Preview of Bank of Japan Policy Board Meeting

August 10, 2009

Since its own banking system problems emerged in the early 1990’s, Japanese monetary policy never returned to normal.  The overnight interest rate has not exceeded 0.5% for the past 14 years.  Another unanimous BOJ vote to leave policy settings unchanged is expected overwhelmingly.   The overnight rate target was cut twice in the fourth quarter of 2008 by 40 basis points altogether to 0.1%, where such has stood since December.  That’s a much smaller drop than implemented by other central banks since last autumn.  Bank of Japan officials have also engaged in unconventional credit easing such as the buying of commercial paper and corporate bonds and special liquidity injections to promote bank lending to companies.  At the Policy Board’s last meeting on July 15, officials extended such programs for an extra three months to the end of 2009.  Analysts have been split over whether the termination of such quantitative programs is extended again into 2010, but that is not a decision that has to be made now, and indeed it will not be.

Japan’s economy was badly clobbered in the Great Global Recession (see previous post).  Conditions in Japan have improved but remain weak and fragile.  In a third straight upgrade, the BOJ’s last monthly economic assessment noted pick-ups in exports, industrial production and government investment, but officials also said that profits are weak, investment is sharply lower, and consumption, though exhibiting signs of a pick-up, is generally weak.  Forecasts released by the central bank a month ago penciled in growth of negative 3.4% in fiscal 2009 to March 2010 and positive 1.0% in fiscal 2010 to March 2011.  Core CPI inflation is likely to decline 1.3% this fiscal year and by another 1.0% in FY10.  Since July 15, the Nikkei has climbed 13.5%, 10-year JGB’s have risen 8 basis points, and the yen has lost 2.75% against the dollar.  That depreciation reduces any chance of intervention.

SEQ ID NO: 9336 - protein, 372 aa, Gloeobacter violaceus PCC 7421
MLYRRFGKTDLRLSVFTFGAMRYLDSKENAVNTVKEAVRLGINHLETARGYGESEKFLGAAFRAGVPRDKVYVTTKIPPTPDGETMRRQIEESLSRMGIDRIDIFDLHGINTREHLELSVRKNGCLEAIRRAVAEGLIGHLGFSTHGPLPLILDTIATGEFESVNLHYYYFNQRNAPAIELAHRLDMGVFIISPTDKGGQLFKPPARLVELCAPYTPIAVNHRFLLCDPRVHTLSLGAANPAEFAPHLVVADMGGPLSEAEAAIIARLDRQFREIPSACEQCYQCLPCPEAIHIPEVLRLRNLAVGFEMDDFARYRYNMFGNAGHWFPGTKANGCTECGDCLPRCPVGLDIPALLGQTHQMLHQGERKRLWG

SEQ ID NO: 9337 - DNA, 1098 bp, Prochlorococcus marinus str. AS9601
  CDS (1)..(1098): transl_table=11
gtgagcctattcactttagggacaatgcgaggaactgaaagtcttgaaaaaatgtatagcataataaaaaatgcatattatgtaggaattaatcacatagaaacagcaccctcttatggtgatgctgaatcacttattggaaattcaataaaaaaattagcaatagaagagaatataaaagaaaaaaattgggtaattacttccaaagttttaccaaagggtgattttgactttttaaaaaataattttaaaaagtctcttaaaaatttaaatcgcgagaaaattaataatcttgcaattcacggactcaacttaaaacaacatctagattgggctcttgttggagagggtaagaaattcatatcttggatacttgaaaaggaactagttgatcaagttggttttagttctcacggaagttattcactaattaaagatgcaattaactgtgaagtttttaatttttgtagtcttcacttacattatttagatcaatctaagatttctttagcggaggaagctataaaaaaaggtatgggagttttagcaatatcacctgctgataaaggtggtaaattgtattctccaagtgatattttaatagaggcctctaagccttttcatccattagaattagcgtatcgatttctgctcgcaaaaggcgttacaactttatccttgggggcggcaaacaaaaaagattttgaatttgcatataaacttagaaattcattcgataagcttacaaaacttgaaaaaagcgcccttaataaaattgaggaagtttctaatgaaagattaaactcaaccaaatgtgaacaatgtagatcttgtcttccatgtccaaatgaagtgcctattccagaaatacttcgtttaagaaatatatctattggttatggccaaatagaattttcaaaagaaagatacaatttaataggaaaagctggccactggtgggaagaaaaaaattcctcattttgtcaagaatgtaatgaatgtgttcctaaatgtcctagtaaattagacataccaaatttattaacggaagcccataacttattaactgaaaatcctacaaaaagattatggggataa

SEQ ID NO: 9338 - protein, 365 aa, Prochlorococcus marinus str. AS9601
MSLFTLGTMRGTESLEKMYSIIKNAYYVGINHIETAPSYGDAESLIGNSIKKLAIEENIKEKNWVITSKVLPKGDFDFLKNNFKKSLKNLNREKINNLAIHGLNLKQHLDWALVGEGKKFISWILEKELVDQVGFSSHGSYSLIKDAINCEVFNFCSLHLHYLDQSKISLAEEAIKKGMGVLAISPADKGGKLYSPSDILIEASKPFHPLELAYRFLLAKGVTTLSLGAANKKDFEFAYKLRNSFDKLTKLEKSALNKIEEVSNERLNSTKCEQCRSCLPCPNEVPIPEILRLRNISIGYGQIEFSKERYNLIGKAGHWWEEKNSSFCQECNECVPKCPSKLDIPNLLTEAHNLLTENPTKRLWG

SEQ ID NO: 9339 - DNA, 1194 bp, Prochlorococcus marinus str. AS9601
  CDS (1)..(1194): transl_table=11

Japanese economic data released since the mid-July meeting have been generally upbeat.  The Shoko Chukin small business sentiment gauge rose 3.1 points to 41.1 in July, well above its quarterly averages of 34.3 in 2Q and 26.7 in 1Q.  Industrial production rose 2.4% in June, 8.3% in 2Q and is expected to be 6.8% higher in July-August than the 2Q level according to survey evidence.  Japan’s manufacturing PMI increased 2.2 points to 50.4 in July, while the services PMI advanced 3.1 points to 45.7.  Core domestic machinery orders leaped 9.7% in June but fell 4.9% in 2Q, while foreign orders for machinery shot up 43.8% in the month but fell 6.2% for the quarter.  Seasonally adjusted exports rose 6.3% in June, cutting the 12-month drop to 37.0% from 42.2%.  Real household spending recovered 3.8% at a seasonally adjusted annualized rate last quarter.  But there were many reminders of Japan’s fragility, for example in labor statistics that showed a rise of two-tenths in the jobless rate to 5.4%, an on-year decline of 2.3% in employment, and a record low reading for the ratio of job offers to job applicants.  Total consumer prices and non-food consumer prices each fell 1.7% in the year to June, which is disturbingly deep into deflationary territory.  But officials have stuck to the view that a major new deflationary phase is not at hand and take comfort from estimates of expected inflation that are more stable than actual prices.  Housing starts fell 32.4% from a year ago.  Money and credit growth remained depressed, corroborating the observation in mid-July of BOJ officials that financial conditions are tight despite signs of some improvement.  The component of the monetary base that is most sensitive to monetary policy, current account balances, increased 63.2% in the year to July, similar to a first-half advance of 66.4% and quite a contrast from a 6.0% decline in 2008.

The Bank of Japan will not be among the first central banks to begin tightening its ultra-loose credit stance.  A rise of the overnight money target before mid-2010 appears doubtful.

Copyright Larry Greenberg 2009.  All rights reserved.  No secondary distribution without express permission.



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